Macedonia begins 'final offensive'
TETOVO, Macedonia (CNN) -- A "final offensive" by Macedonian troops against Albanian rebels has begun in the hills above Tetovo, Defence Ministry officials said.
Intense artillery fire could be heard as the offensive began on Tuesday.
The campaign to drive the rebels out of the hills came despite an offer from the rebels to enter into negotiations to stop the shooting, now in its seventh day.
The rebels warned the fighting would continue if the government did not enter negotiations. They said they were fighting for greater Albanian rights and called on government officials to signal if they want the dispute ended peacefully or not.
The Macedonian Government did not immediately respond to the rebel offer, but in the past President Boris Trajkovski has said he would not negotiate until the violence ended.
The statement was signed "National Liberation Army -- Tetovo branch" and was distributed to media outlets.
European Union envoy Javier Solana said he believed negotiating with the rebels would be a bad idea.
"I think it is a mistake to negotiate with terrorist in this particular case. It is a mistake and we do not recommend to do it," Solana said.
"On the contrary, we recommend that the political parties that represent Albanians, they have to continue participating in the institutions and the government and to continue working through the institutions whatever their demands, but not to start a negotiation with terrorists."
Solana continued: "The terrorists have to be isolated. Even the Albanian prime minister has condemned the activities of these terrorists. All the more reason all of us have to condemn and isolate the terrorists. Nothing can be achieved through violence and nothing should be achieved through violence.
"The military action the government has to take to defend themselves has to be done in a proportionate matter. They have to defend themselves, but in a proportionate manner."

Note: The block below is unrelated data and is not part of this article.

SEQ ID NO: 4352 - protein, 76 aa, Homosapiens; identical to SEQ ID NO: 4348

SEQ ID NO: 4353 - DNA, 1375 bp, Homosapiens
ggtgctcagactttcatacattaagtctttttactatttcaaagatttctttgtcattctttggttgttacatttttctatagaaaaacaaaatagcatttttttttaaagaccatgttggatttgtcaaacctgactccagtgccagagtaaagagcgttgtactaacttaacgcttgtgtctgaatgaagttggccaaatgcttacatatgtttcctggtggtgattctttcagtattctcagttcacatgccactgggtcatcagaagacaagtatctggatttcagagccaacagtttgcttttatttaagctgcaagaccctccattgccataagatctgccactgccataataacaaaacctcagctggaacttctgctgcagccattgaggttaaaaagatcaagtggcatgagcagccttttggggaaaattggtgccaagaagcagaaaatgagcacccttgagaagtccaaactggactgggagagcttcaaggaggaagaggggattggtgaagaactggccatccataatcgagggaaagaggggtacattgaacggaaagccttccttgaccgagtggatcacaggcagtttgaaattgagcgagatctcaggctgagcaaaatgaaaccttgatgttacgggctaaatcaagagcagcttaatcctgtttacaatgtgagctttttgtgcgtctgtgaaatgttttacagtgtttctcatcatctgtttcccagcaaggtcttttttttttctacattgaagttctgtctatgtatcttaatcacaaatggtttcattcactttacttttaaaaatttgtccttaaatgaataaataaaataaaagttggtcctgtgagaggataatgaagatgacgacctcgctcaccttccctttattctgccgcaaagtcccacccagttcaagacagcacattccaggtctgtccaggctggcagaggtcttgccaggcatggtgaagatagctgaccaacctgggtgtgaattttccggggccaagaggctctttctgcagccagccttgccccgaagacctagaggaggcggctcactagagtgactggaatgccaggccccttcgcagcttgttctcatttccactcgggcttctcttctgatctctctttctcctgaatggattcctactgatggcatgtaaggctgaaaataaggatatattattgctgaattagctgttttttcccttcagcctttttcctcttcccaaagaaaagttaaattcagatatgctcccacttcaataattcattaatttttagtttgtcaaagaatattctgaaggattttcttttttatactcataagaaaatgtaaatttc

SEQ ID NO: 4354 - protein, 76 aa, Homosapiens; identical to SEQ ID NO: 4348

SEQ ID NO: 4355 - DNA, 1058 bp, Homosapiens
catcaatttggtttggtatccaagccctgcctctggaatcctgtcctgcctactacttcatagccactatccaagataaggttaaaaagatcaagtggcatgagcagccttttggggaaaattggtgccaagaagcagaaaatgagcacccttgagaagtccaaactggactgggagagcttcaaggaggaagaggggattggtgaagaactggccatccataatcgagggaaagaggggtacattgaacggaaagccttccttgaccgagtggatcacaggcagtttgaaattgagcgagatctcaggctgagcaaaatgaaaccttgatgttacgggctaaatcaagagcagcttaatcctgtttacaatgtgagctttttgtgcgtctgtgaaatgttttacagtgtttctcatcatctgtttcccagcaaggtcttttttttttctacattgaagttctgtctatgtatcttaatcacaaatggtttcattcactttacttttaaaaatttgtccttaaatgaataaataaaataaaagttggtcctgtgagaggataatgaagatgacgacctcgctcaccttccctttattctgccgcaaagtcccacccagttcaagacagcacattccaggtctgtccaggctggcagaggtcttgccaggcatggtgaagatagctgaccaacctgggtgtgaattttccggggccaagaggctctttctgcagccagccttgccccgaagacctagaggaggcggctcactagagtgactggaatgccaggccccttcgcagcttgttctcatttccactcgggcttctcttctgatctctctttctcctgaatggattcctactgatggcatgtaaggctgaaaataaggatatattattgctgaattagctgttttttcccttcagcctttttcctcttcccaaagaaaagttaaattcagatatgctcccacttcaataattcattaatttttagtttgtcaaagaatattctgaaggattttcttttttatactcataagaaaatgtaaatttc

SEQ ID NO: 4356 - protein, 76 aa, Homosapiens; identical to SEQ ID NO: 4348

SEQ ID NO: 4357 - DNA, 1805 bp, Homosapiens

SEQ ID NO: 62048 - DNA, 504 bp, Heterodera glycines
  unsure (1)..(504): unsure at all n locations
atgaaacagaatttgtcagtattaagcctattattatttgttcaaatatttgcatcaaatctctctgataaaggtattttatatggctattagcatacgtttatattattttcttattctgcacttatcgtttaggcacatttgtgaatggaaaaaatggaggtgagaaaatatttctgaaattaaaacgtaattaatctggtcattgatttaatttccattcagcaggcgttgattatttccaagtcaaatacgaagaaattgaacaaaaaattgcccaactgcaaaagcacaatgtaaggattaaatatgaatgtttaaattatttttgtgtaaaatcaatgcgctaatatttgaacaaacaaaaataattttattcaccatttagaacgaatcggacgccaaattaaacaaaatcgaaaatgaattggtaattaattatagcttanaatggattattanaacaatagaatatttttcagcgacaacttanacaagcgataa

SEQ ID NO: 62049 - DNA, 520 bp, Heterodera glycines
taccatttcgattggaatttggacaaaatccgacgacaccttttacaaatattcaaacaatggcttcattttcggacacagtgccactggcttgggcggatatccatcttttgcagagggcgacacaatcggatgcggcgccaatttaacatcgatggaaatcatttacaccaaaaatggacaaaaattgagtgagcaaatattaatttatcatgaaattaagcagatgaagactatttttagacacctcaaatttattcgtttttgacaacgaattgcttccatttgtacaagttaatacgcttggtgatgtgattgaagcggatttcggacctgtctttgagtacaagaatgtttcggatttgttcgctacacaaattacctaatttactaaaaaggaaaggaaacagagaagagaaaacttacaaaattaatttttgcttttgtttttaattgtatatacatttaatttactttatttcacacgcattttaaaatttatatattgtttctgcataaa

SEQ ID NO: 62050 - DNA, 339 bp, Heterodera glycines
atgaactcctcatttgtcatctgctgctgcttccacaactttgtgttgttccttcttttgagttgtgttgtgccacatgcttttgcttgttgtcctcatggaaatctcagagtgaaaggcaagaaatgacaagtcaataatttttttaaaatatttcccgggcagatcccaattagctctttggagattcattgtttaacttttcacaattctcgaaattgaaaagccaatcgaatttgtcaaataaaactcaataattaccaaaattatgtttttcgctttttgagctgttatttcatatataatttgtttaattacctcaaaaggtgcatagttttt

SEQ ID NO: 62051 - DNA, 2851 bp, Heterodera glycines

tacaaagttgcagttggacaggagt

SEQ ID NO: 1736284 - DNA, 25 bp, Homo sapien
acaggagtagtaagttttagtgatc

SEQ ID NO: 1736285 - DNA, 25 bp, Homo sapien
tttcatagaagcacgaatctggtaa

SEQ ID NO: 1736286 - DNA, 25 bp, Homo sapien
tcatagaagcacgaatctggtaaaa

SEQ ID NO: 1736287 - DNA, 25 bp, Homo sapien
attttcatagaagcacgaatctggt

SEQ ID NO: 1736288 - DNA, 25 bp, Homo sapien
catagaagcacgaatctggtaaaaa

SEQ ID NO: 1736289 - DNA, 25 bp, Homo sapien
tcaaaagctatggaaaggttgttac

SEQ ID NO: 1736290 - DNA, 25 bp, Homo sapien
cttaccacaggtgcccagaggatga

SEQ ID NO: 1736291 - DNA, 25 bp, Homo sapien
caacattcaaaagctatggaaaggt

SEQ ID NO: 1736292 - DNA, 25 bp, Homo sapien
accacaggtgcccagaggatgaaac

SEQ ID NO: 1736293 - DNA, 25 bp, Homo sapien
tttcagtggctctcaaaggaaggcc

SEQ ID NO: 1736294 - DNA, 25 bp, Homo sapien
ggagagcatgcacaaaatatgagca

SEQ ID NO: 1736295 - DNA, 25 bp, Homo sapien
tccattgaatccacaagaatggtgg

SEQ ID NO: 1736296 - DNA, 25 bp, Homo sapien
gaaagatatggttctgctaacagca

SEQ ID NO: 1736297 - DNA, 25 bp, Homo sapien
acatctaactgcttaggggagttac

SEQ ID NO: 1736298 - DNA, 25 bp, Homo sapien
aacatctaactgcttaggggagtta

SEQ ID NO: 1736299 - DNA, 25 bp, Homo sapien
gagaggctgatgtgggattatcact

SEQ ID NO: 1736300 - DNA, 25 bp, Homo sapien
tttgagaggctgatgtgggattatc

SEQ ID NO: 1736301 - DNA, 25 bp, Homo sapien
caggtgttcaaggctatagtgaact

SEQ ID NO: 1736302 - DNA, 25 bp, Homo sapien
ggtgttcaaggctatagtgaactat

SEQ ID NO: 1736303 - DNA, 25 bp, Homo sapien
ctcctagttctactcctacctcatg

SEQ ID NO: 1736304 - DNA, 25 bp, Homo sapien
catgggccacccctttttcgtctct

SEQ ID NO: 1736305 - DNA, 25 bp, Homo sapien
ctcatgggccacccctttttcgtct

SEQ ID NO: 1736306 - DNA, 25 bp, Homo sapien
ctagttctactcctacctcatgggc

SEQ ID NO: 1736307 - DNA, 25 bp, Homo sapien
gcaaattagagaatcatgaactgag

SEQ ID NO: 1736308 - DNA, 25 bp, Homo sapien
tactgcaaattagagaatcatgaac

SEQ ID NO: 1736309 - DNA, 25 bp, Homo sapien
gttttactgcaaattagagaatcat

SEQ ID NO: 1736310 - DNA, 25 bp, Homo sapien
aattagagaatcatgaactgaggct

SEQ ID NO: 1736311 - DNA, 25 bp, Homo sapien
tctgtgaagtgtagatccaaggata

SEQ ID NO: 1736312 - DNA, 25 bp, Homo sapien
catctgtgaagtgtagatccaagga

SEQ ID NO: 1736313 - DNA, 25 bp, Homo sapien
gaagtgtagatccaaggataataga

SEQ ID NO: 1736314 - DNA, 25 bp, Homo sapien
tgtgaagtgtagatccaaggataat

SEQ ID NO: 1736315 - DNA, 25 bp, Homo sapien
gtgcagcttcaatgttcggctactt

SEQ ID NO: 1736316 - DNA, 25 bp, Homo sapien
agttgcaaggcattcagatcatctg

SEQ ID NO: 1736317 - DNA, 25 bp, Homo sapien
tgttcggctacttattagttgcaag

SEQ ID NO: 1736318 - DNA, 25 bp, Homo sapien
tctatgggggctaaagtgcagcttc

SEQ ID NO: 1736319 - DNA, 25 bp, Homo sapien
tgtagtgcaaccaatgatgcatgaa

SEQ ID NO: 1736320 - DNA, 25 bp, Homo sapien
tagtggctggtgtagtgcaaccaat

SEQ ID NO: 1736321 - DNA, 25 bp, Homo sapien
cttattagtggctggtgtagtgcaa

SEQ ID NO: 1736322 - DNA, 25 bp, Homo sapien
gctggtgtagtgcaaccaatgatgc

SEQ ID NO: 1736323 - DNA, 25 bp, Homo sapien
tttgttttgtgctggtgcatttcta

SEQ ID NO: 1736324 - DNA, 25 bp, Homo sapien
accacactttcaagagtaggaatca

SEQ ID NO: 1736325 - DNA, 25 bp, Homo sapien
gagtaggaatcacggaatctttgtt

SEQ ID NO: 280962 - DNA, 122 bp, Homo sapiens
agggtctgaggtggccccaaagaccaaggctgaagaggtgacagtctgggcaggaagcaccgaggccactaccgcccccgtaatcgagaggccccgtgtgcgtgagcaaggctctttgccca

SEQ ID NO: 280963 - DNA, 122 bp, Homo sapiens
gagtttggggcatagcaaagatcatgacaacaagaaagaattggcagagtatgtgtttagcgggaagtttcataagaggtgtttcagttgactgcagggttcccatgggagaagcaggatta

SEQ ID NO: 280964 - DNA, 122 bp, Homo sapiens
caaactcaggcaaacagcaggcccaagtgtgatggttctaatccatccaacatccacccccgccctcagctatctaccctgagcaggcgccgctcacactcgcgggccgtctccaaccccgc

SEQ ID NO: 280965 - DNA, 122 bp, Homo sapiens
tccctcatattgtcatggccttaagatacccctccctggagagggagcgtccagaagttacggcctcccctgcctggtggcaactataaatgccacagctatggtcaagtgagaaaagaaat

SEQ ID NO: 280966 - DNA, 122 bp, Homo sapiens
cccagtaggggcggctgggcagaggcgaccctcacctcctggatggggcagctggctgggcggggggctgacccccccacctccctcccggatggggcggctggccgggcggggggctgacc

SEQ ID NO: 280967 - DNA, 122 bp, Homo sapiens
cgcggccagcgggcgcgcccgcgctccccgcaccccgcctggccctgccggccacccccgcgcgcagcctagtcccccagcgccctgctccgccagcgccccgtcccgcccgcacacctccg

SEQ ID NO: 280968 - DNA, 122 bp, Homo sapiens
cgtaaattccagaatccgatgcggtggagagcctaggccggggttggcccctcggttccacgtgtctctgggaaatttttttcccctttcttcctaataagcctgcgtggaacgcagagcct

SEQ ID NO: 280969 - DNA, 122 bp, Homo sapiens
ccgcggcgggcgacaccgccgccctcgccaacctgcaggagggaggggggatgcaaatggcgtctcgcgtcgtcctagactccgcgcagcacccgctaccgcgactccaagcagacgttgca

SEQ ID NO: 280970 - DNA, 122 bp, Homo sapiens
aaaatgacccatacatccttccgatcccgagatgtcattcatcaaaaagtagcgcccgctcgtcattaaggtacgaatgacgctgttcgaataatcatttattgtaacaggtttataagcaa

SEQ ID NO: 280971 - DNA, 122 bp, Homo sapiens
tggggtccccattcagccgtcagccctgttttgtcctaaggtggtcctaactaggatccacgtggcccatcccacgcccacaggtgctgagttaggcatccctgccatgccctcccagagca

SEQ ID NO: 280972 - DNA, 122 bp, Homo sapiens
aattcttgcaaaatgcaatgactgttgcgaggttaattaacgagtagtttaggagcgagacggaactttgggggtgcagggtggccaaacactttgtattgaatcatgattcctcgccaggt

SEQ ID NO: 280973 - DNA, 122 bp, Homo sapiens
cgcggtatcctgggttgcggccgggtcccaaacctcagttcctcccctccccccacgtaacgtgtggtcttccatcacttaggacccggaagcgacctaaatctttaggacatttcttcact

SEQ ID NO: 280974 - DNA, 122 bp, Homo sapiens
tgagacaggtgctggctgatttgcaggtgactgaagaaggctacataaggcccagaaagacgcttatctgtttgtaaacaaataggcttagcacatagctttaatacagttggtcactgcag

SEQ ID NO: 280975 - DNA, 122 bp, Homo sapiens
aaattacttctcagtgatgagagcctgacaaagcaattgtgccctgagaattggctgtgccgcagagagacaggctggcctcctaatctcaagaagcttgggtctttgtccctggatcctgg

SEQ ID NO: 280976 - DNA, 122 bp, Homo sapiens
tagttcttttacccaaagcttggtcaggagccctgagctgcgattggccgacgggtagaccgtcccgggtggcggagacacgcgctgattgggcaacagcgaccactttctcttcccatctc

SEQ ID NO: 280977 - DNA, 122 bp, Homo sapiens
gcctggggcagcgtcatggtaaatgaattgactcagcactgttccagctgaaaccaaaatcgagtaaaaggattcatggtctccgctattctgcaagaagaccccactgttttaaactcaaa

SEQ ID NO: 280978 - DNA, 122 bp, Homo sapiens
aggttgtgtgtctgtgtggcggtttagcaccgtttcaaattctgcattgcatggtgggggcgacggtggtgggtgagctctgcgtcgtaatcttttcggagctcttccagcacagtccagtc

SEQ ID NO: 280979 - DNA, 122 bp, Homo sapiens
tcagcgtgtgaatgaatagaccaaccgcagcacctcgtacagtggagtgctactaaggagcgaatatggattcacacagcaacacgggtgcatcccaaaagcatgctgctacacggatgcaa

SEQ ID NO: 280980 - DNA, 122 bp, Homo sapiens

Macedonian officials say many of the fighters are battle-hardened members of the Kosovo Liberation Army who have infiltrated Macedonia, bringing with them arms that had been stored in Kosovo.
Convoys of Macedonian troops, tanks and armored personnel carriers were seen on Monday streaming into the area near the border with Kosovo.
The Macedonian government claims to have killed about 80 rebels. The rebels claim to have killed at least a dozen Macedonian border police.
Hospital officials in Tetovo said 30 police officers and 10 civilians have been wounded. One civilian, an Albanian man, was killed, they said.
Solana is in the capital of Skopje, where he has been consulting with Macedonia's leadership on how to deal with the rebels.
"We are going to continue day after day in hope that we will achieve something on the line of trying to control the conflict in a manner that will isolate the extremists," he said. "I don't think we can allow them to continue this situation in Macedonia, or in general in the Balkans."
The problems in the Balkans, he said, "they have to resolve through political means and not through violence."
Solana said he held a dinner on Monday with the leadership and all the heads of all the political parties in Macedonia, including the heads of two Albanian political parties.
He called for more dialogue, but the government has said that the violence must end first.
On Monday, NATO agreed to move more KFOR troops into the area along the Kosovo-Macedonia border in an attempt to stop movement by the rebels and to cut their supply lines.
Asked if there were any moves in the EU or NATO to expand the KFOR mission to allow its troops in Macedonia, Solana said the Macedonian Government did not want KFOR inside Macedonia.
In addition, Yugoslav federal troops have moved into an exclusion zone in southern Serbia near the Macedonian border. Yugoslav officials said their aim was to cut off supply routes for the rebels who are operating in Kosovo and Macedonia.
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